2. Turn problems into opportunities

 In the world of small business, particularly in the current economy, you can walk into a networking event and think that you’ve arrived at a pity party. Staff are hard to find. The tax office is a pain. The government isn’t doing enough. Customers don’t get it. The list of whinges goes on.

While it can be useful to analyse weaknesses in your business, Woodbury and de Ora suggest that problems can be a great source of finding opportunities. “Richard Branson has certainly demonstrated to the world how to treat problems as opportunities and allow them to improve the way we do business. In choosing to operate with this mindset, you also choose to assume full responsibility for the direction of your life.”

3. The art of self promotion

When you’re running your own business, you need to master the art of self promotion. There’s no point offering the best product/service in the world if no one knows about it. While this may not come naturally to some people, the authors basically say you have to get over it.

Woodbury and de Ora write: “If you don’t blow your own trumpet, no one will. If you’re an entrepreneur, then you’re in sales and marketing. Your role is to promote, promote and promote – to be seen and get known. No matter how uncomfortable it may be, there is no doubt that you are the best spokesperson for your business.”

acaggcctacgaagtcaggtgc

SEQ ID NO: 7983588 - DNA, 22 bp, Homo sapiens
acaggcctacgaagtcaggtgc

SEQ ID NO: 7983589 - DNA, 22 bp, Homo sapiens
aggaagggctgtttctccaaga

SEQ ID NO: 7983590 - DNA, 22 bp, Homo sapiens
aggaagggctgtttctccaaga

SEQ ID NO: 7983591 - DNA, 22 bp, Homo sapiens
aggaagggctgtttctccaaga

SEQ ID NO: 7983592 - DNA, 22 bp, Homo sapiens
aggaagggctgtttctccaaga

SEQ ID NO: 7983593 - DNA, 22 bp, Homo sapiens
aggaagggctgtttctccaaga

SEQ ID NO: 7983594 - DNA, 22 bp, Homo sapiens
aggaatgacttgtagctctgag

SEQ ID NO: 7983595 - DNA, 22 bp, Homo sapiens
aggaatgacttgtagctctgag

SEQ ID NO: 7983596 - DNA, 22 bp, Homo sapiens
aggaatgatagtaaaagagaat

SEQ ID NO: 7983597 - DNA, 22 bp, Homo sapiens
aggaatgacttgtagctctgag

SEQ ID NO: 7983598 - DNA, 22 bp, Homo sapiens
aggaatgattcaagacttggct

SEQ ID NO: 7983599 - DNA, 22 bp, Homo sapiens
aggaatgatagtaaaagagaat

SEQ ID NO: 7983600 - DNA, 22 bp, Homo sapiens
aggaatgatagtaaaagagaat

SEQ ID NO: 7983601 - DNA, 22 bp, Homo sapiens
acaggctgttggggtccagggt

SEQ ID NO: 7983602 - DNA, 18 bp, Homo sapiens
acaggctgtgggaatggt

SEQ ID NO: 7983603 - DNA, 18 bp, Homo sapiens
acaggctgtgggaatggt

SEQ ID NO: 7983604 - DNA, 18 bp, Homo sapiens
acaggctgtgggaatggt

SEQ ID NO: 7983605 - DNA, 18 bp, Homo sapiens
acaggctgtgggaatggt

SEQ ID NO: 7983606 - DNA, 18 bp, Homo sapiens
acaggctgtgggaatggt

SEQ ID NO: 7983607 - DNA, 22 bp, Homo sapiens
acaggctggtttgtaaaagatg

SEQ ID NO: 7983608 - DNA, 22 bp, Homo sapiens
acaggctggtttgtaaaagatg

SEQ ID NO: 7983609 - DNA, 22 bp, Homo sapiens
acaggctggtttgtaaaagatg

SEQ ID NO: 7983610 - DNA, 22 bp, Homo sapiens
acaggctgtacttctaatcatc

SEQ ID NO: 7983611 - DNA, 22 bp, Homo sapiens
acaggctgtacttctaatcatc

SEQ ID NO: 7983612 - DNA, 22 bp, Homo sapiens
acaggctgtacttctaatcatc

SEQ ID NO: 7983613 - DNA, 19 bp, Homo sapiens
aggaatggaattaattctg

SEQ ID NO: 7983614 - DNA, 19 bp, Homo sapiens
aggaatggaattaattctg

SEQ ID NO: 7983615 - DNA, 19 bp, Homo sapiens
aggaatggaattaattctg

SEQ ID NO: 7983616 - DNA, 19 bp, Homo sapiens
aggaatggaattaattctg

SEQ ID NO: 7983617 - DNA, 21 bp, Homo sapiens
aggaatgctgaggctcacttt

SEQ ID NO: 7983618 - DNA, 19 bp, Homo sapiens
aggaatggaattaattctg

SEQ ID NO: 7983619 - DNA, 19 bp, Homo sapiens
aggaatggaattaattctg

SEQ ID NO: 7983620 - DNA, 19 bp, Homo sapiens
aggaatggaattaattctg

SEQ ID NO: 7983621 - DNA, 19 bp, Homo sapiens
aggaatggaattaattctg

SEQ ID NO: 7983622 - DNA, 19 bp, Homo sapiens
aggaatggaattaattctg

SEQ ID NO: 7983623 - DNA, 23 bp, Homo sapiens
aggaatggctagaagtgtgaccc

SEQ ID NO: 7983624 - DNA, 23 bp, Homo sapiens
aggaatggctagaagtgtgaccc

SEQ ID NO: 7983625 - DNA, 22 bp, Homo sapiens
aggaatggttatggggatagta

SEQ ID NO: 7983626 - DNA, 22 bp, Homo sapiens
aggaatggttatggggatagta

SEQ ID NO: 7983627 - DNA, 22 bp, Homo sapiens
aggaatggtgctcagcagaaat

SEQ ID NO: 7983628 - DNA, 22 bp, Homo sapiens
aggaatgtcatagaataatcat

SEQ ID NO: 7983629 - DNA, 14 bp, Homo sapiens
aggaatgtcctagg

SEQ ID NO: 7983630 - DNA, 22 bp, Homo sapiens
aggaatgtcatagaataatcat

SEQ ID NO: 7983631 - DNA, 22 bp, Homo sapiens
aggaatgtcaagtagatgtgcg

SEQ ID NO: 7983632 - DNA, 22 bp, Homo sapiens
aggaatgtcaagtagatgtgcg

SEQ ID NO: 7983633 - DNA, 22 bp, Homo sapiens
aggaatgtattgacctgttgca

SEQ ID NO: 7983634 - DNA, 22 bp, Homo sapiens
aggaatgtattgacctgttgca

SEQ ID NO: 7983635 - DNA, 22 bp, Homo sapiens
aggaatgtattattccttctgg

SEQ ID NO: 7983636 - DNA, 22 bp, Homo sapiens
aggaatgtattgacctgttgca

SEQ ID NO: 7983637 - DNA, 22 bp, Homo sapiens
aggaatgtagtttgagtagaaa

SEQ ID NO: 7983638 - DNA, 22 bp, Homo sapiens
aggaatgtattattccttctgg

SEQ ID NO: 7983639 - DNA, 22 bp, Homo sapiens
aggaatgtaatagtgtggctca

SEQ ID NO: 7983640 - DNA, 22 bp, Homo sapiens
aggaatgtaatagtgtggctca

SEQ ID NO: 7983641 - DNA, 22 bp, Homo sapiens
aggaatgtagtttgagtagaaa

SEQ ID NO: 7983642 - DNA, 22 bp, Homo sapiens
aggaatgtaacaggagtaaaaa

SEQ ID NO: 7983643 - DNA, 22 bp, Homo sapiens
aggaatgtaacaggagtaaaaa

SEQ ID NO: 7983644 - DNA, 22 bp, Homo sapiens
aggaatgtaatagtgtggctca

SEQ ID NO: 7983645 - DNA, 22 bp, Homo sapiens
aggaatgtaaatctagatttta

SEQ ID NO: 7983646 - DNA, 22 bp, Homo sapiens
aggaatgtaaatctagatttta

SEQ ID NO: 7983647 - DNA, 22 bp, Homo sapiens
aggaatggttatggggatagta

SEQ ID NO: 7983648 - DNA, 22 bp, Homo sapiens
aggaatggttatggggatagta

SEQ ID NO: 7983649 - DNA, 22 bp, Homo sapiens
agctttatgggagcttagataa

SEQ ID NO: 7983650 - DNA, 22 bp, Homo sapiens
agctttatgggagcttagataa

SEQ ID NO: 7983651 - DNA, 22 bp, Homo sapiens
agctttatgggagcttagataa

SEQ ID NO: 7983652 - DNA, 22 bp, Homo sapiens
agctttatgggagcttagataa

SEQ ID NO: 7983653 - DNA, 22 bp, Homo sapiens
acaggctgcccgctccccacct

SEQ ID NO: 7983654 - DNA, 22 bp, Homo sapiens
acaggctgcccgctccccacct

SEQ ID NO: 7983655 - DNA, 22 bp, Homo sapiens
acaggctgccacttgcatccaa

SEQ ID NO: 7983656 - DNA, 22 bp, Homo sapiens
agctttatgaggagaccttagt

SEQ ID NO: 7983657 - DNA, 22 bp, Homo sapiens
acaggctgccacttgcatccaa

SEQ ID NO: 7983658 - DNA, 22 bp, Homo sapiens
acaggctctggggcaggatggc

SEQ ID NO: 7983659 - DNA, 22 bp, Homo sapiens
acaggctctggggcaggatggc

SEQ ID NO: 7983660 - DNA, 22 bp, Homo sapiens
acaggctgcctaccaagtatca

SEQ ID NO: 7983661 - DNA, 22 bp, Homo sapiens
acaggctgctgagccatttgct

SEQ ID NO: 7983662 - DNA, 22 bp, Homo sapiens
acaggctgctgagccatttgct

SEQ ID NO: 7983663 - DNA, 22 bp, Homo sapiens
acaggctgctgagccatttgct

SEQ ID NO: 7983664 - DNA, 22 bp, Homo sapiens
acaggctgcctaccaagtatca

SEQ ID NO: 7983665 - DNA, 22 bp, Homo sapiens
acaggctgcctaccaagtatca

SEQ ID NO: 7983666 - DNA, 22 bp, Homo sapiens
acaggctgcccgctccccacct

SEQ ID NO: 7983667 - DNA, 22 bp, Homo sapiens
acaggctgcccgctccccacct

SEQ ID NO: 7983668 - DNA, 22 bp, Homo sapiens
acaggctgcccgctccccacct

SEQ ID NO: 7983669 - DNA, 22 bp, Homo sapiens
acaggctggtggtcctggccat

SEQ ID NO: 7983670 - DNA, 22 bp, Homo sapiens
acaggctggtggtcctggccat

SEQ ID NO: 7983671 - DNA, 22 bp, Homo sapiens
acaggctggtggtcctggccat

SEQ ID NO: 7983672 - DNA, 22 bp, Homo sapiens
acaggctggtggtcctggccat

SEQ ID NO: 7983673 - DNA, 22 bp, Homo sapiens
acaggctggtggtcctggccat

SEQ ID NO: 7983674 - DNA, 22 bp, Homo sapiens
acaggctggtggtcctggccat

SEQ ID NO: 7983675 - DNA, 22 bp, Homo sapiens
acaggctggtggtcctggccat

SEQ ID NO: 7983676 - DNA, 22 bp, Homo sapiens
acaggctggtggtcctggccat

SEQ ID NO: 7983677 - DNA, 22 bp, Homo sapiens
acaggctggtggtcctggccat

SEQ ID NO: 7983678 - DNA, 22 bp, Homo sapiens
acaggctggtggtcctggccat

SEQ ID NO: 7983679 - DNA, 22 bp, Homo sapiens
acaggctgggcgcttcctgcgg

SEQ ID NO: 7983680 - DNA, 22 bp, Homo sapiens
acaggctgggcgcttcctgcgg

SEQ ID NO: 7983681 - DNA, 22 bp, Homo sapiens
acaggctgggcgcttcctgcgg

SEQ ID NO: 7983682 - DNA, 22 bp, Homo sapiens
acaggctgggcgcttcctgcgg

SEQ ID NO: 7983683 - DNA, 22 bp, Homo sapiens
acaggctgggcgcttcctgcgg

Obviously, most entrepreneurs aren’t going to reach the same heights as Branson. But it’s about being a rock star in your niche. You may not be able to charge $4995 for a ticket to have dinner with you – yet.

But you should aim to become an expert in your field so that you become the “go to” person when people need help in that area. So what’s your personal brand – are you a business rock star?


21st Century Financial Education Summit

Visit www.21stcenturyfinancialeducationsummit.com to grab your tickets to see Sir Richard Branson, Tim Ferriss, Jamie McIntyre and over a dozen of the world’s most successful entrepreneurs LIVE at the 21st Century Financial Education Summit! October 21st & 22nd 2011, Hisense Arena, Melbourne.

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2 Responses to ‘How to be a business rock star’ – Sydney Morning Herald talks about Sir Richard Branson, Tim Ferriss & the upcoming 21st Century Financial Education Summit

  1. What a great way of describing Sir Richard Branson – a Business Rock Star – I like that…and when you think of all the years he spent with Virgin Records, promoting all those Rock Stars and being instrumental in launching many of their careers, it’s even more appropriate.
    I’ll be getting his latest book for sure.

  2. […] treatment wherever he goes. Last year, stadiums in Sydney and Melbourne were filled with people who forked out $300 a ticket to attend a “financial education summit” where Sir Richard was the star speaker. Now at an age […]